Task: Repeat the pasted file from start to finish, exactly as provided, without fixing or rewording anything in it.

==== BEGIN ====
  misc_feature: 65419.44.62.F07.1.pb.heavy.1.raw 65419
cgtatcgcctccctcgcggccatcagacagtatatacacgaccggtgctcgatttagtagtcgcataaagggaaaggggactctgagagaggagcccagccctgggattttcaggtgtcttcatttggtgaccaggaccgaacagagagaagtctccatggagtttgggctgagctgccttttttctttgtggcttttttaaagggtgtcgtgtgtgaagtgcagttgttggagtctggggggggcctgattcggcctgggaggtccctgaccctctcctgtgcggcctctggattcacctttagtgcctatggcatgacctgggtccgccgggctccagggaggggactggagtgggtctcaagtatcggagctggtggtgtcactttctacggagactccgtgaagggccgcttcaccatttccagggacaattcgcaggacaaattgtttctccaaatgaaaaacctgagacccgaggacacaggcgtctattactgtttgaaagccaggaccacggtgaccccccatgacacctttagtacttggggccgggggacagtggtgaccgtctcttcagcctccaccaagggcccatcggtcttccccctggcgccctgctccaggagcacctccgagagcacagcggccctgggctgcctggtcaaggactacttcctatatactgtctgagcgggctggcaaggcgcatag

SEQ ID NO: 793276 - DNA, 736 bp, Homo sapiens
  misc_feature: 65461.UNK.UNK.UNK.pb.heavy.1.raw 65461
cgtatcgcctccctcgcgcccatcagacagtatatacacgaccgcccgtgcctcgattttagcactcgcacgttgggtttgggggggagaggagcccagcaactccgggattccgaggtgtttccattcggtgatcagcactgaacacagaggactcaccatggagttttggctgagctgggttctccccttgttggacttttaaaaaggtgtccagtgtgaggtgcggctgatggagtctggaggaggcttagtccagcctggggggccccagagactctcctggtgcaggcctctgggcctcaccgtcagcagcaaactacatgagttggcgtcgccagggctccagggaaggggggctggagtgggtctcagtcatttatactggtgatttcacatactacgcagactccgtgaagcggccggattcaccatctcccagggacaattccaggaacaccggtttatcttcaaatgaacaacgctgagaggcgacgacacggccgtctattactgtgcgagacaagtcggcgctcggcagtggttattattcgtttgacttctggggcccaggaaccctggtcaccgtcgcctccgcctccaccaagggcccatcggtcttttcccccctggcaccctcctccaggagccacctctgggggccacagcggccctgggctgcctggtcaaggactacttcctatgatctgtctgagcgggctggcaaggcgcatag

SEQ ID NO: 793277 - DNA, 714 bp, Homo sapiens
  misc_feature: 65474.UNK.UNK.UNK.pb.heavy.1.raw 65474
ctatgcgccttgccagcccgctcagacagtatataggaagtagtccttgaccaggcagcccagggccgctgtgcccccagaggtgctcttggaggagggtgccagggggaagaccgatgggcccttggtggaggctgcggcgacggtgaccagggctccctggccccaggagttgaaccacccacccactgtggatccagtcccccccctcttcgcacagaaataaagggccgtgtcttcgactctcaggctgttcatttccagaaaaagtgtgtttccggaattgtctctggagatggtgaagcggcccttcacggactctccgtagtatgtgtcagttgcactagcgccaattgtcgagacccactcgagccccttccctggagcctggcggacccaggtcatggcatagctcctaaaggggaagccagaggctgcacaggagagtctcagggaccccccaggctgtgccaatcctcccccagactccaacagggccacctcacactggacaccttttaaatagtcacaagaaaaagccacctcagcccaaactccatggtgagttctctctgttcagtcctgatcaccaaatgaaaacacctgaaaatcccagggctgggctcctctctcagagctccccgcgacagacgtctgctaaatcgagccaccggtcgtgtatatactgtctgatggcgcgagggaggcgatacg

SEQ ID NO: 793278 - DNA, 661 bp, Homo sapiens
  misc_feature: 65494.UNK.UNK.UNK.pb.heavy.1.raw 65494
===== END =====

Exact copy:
  misc_feature: 65419.44.62.F07.1.pb.heavy.1.raw 65419
cgtatcgcctccctcgcggccatcagacagtatatacacgaccggtgctcgatttagtagtcgcataaagggaaaggggactctgagagaggagcccagccctgggattttcaggtgtcttcatttggtgaccaggaccgaacagagagaagtctccatggagtttgggctgagctgccttttttctttgtggcttttttaaagggtgtcgtgtgtgaagtgcagttgttggagtctggggggggcctgattcggcctgggaggtccctgaccctctcctgtgcggcctctggattcacctttagtgcctatggcatgacctgggtccgccgggctccagggaggggactggagtgggtctcaagtatcggagctggtggtgtcactttctacggagactccgtgaagggccgcttcaccatttccagggacaattcgcaggacaaattgtttctccaaatgaaaaacctgagacccgaggacacaggcgtctattactgtttgaaagccaggaccacggtgaccccccatgacacctttagtacttggggccgggggacagtggtgaccgtctcttcagcctccaccaagggcccatcggtcttccccctggcgccctgctccaggagcacctccgagagcacagcggccctgggctgcctggtcaaggactacttcctatatactgtctgagcgggctggcaaggcgcatag

SEQ ID NO: 793276 - DNA, 736 bp, Homo sapiens
  misc_feature: 65461.UNK.UNK.UNK.pb.heavy.1.raw 65461
cgtatcgcctccctcgcgcccatcagacagtatatacacgaccgcccgtgcctcgattttagcactcgcacgttgggtttgggggggagaggagcccagcaactccgggattccgaggtgtttccattcggtgatcagcactgaacacagaggactcaccatggagttttggctgagctgggttctccccttgttggacttttaaaaaggtgtccagtgtgaggtgcggctgatggagtctggaggaggcttagtccagcctggggggccccagagactctcctggtgcaggcctctgggcctcaccgtcagcagcaaactacatgagttggcgtcgccagggctccagggaaggggggctggagtgggtctcagtcatttatactggtgatttcacatactacgcagactccgtgaagcggccggattcaccatctcccagggacaattccaggaacaccggtttatcttcaaatgaacaacgctgagaggcgacgacacggccgtctattactgtgcgagacaagtcggcgctcggcagtggttattattcgtttgacttctggggcccaggaaccctggtcaccgtcgcctccgcctccaccaagggcccatcggtcttttcccccctggcaccctcctccaggagccacctctgggggccacagcggccctgggctgcctggtcaaggactacttcctatgatctgtctgagcgggctggcaaggcgcatag

SEQ ID NO: 793277 - DNA, 714 bp, Homo sapiens
  misc_feature: 65474.UNK.UNK.UNK.pb.heavy.1.raw 65474
ctatgcgccttgccagcccgctcagacagtatataggaagtagtccttgaccaggcagcccagggccgctgtgcccccagaggtgctcttggaggagggtgccagggggaagaccgatgggcccttggtggaggctgcggcgacggtgaccagggctccctggccccaggagttgaaccacccacccactgtggatccagtcccccccctcttcgcacagaaataaagggccgtgtcttcgactctcaggctgttcatttccagaaaaagtgtgtttccggaattgtctctggagatggtgaagcggcccttcacggactctccgtagtatgtgtcagttgcactagcgccaattgtcgagacccactcgagccccttccctggagcctggcggacccaggtcatggcatagctcctaaaggggaagccagaggctgcacaggagagtctcagggaccccccaggctgtgccaatcctcccccagactccaacagggccacctcacactggacaccttttaaatagtcacaagaaaaagccacctcagcccaaactccatggtgagttctctctgttcagtcctgatcaccaaatgaaaacacctgaaaatcccagggctgggctcctctctcagagctccccgcgacagacgtctgctaaatcgagccaccggtcgtgtatatactgtctgatggcgcgagggaggcgatacg

SEQ ID NO: 793278 - DNA, 661 bp, Homo sapiens
  misc_feature: 65494.UNK.UNK.UNK.pb.heavy.1.raw 65494